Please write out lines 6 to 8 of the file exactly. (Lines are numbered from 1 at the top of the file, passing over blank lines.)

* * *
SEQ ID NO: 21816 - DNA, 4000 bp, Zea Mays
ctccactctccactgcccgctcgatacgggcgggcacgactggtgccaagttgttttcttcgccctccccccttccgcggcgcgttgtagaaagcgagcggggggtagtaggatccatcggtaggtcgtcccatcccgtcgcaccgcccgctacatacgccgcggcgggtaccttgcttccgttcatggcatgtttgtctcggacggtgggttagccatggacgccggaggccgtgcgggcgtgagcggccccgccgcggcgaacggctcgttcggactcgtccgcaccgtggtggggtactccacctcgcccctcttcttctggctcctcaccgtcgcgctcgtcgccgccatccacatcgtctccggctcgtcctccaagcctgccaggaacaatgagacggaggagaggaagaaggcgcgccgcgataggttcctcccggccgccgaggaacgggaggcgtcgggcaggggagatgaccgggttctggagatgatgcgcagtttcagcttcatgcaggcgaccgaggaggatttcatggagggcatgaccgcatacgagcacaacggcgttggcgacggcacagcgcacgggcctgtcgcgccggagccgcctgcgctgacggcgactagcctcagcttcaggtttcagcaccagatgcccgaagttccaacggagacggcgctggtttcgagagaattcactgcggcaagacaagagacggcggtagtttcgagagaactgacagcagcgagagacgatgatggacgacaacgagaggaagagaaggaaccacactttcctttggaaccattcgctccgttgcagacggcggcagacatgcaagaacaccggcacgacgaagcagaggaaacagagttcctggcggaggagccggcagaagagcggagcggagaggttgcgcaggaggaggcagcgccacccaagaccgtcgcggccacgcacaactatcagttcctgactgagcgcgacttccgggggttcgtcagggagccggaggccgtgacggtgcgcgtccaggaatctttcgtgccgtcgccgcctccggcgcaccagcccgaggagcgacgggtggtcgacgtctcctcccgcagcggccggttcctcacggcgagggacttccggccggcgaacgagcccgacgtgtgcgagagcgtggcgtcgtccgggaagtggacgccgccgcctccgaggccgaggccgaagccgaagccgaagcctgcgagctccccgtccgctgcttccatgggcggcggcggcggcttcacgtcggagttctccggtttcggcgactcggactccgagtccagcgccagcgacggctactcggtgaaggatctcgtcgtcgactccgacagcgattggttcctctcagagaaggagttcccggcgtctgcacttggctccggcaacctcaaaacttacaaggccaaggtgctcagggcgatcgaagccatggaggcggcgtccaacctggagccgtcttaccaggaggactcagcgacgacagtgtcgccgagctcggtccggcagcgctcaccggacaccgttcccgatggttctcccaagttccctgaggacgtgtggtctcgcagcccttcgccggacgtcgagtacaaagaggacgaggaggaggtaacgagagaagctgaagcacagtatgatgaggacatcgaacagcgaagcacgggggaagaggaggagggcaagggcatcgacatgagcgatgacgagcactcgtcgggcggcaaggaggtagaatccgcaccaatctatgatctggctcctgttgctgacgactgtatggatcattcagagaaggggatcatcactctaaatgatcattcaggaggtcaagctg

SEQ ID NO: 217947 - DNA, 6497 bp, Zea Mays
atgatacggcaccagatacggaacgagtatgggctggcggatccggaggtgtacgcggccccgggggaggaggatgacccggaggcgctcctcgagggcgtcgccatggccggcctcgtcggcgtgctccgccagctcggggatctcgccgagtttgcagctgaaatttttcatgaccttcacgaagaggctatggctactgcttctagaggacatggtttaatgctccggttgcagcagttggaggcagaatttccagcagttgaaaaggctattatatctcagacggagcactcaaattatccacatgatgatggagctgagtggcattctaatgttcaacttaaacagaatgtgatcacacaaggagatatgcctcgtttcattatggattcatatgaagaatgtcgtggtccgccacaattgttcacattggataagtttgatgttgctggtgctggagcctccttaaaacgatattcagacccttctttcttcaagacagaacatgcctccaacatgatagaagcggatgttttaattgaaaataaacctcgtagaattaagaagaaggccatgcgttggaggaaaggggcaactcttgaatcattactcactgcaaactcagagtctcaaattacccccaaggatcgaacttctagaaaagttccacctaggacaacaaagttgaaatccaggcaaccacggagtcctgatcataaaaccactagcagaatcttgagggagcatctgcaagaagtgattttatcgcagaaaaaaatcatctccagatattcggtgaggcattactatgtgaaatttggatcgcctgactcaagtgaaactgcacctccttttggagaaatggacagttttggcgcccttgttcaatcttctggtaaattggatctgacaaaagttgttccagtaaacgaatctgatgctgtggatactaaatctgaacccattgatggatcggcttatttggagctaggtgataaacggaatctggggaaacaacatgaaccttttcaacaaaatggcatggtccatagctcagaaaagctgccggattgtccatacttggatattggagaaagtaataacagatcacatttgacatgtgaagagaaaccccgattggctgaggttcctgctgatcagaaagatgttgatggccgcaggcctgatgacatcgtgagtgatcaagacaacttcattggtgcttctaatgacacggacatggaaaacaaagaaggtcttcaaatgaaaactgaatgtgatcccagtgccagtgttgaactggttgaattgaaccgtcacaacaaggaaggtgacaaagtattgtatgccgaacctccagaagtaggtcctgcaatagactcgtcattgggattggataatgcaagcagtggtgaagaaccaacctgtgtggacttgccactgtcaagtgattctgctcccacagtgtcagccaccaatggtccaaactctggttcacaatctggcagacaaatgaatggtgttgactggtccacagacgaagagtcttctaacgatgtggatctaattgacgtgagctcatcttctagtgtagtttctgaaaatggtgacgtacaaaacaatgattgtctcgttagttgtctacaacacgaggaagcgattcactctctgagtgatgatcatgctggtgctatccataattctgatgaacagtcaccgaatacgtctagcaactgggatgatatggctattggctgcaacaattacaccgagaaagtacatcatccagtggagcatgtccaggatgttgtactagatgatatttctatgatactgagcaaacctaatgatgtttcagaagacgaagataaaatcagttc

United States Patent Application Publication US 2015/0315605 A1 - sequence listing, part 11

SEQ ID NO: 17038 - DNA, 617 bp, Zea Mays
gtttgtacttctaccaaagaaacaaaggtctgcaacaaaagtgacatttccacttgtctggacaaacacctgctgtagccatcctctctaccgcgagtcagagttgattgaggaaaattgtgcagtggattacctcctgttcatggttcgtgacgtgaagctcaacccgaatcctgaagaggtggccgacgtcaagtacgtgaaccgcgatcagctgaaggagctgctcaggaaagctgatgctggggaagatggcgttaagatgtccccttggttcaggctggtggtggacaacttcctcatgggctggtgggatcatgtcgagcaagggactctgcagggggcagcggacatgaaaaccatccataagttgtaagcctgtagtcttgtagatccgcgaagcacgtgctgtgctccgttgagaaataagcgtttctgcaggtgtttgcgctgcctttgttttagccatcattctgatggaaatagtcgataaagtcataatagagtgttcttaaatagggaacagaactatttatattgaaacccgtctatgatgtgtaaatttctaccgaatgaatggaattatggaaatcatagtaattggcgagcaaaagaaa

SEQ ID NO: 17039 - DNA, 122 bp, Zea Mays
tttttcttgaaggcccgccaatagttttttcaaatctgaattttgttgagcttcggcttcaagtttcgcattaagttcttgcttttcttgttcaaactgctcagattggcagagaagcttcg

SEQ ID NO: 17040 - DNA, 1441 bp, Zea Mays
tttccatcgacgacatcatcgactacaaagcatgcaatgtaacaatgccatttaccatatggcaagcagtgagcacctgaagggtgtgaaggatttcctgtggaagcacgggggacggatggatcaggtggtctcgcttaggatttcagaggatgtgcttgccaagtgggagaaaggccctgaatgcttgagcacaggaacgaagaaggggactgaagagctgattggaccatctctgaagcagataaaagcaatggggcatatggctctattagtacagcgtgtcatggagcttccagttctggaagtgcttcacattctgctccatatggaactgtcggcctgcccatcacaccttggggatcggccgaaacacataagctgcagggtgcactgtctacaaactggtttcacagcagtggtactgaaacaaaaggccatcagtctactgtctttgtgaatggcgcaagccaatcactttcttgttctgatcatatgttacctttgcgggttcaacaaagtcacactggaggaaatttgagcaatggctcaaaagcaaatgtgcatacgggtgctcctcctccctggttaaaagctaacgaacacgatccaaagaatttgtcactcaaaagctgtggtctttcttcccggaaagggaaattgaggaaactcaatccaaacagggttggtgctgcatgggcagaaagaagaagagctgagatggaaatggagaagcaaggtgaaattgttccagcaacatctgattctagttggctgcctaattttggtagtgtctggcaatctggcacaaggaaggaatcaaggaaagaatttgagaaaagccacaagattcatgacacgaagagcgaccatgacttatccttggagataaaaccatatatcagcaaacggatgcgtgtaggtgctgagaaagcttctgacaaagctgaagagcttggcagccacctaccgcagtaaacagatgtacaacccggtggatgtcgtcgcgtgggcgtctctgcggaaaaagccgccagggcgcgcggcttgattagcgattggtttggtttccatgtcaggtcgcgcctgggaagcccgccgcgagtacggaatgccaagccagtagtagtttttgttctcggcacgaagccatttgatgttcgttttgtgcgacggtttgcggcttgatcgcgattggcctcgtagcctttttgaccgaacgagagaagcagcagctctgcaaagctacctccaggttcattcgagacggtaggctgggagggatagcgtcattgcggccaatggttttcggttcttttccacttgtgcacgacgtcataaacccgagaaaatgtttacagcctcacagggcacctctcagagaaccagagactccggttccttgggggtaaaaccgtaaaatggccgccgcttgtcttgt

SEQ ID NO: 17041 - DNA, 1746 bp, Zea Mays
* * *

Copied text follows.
SEQ ID NO: 17038 - DNA, 617 bp, Zea Mays
gtttgtacttctaccaaagaaacaaaggtctgcaacaaaagtgacatttccacttgtctggacaaacacctgctgtagccatcctctctaccgcgagtcagagttgattgaggaaaattgtgcagtggattacctcctgttcatggttcgtgacgtgaagctcaacccgaatcctgaagaggtggccgacgtcaagtacgtgaaccgcgatcagctgaaggagctgctcaggaaagctgatgctggggaagatggcgttaagatgtccccttggttcaggctggtggtggacaacttcctcatgggctggtgggatcatgtcgagcaagggactctgcagggggcagcggacatgaaaaccatccataagttgtaagcctgtagtcttgtagatccgcgaagcacgtgctgtgctccgttgagaaataagcgtttctgcaggtgtttgcgctgcctttgttttagccatcattctgatggaaatagtcgataaagtcataatagagtgttcttaaatagggaacagaactatttatattgaaacccgtctatgatgtgtaaatttctaccgaatgaatggaattatggaaatcatagtaattggcgagcaaaagaaa

SEQ ID NO: 17039 - DNA, 122 bp, Zea Mays